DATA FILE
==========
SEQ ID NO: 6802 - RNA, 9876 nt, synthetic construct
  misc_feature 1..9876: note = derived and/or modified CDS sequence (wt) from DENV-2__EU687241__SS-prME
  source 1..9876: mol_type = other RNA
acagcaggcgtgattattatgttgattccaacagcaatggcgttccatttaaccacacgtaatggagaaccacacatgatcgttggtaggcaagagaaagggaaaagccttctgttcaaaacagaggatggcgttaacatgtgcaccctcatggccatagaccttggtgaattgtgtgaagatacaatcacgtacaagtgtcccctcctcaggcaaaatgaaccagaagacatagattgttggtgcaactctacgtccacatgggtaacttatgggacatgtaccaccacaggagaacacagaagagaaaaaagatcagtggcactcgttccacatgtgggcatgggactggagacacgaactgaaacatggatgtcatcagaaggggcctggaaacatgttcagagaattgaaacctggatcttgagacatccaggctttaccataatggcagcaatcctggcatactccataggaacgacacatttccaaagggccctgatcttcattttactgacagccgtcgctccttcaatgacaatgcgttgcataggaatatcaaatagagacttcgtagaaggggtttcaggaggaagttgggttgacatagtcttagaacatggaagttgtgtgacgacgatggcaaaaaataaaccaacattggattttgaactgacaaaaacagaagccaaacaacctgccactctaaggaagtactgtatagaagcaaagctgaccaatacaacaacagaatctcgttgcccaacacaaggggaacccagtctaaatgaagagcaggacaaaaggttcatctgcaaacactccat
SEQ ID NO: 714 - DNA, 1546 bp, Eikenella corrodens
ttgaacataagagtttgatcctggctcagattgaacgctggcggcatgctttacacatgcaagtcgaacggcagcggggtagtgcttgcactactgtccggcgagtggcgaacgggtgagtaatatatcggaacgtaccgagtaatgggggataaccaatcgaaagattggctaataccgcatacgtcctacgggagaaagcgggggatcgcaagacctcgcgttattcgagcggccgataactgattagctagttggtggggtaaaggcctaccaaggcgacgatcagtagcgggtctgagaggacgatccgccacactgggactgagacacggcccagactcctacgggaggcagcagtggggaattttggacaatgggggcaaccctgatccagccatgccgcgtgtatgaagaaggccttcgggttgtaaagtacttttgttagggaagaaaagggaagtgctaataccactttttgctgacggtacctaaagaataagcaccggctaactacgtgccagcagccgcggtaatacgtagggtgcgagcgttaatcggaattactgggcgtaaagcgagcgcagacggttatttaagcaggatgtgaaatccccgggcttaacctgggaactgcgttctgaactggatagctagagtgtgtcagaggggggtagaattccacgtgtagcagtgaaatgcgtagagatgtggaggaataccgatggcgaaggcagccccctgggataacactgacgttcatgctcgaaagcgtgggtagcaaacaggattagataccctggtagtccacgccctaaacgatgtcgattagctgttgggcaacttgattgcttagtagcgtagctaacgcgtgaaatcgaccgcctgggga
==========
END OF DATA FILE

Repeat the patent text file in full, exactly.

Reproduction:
SEQ ID NO: 6802 - RNA, 9876 nt, synthetic construct
  misc_feature 1..9876: note = derived and/or modified CDS sequence (wt) from DENV-2__EU687241__SS-prME
  source 1..9876: mol_type = other RNA
acagcaggcgtgattattatgttgattccaacagcaatggcgttccatttaaccacacgtaatggagaaccacacatgatcgttggtaggcaagagaaagggaaaagccttctgttcaaaacagaggatggcgttaacatgtgcaccctcatggccatagaccttggtgaattgtgtgaagatacaatcacgtacaagtgtcccctcctcaggcaaaatgaaccagaagacatagattgttggtgcaactctacgtccacatgggtaacttatgggacatgtaccaccacaggagaacacagaagagaaaaaagatcagtggcactcgttccacatgtgggcatgggactggagacacgaactgaaacatggatgtcatcagaaggggcctggaaacatgttcagagaattgaaacctggatcttgagacatccaggctttaccataatggcagcaatcctggcatactccataggaacgacacatttccaaagggccctgatcttcattttactgacagccgtcgctccttcaatgacaatgcgttgcataggaatatcaaatagagacttcgtagaaggggtttcaggaggaagttgggttgacatagtcttagaacatggaagttgtgtgacgacgatggcaaaaaataaaccaacattggattttgaactgacaaaaacagaagccaaacaacctgccactctaaggaagtactgtatagaagcaaagctgaccaatacaacaacagaatctcgttgcccaacacaaggggaacccagtctaaatgaagagcaggacaaaaggttcatctgcaaacactccat
SEQ ID NO: 714 - DNA, 1546 bp, Eikenella corrodens
ttgaacataagagtttgatcctggctcagattgaacgctggcggcatgctttacacatgcaagtcgaacggcagcggggtagtgcttgcactactgtccggcgagtggcgaacgggtgagtaatatatcggaacgtaccgagtaatgggggataaccaatcgaaagattggctaataccgcatacgtcctacgggagaaagcgggggatcgcaagacctcgcgttattcgagcggccgataactgattagctagttggtggggtaaaggcctaccaaggcgacgatcagtagcgggtctgagaggacgatccgccacactgggactgagacacggcccagactcctacgggaggcagcagtggggaattttggacaatgggggcaaccctgatccagccatgccgcgtgtatgaagaaggccttcgggttgtaaagtacttttgttagggaagaaaagggaagtgctaataccactttttgctgacggtacctaaagaataagcaccggctaactacgtgccagcagccgcggtaatacgtagggtgcgagcgttaatcggaattactgggcgtaaagcgagcgcagacggttatttaagcaggatgtgaaatccccgggcttaacctgggaactgcgttctgaactggatagctagagtgtgtcagaggggggtagaattccacgtgtagcagtgaaatgcgtagagatgtggaggaataccgatggcgaaggcagccccctgggataacactgacgttcatgctcgaaagcgtgggtagcaaacaggattagataccctggtagtccacgccctaaacgatgtcgattagctgttgggcaacttgattgcttagtagcgtagctaacgcgtgaaatcgaccgcctgggga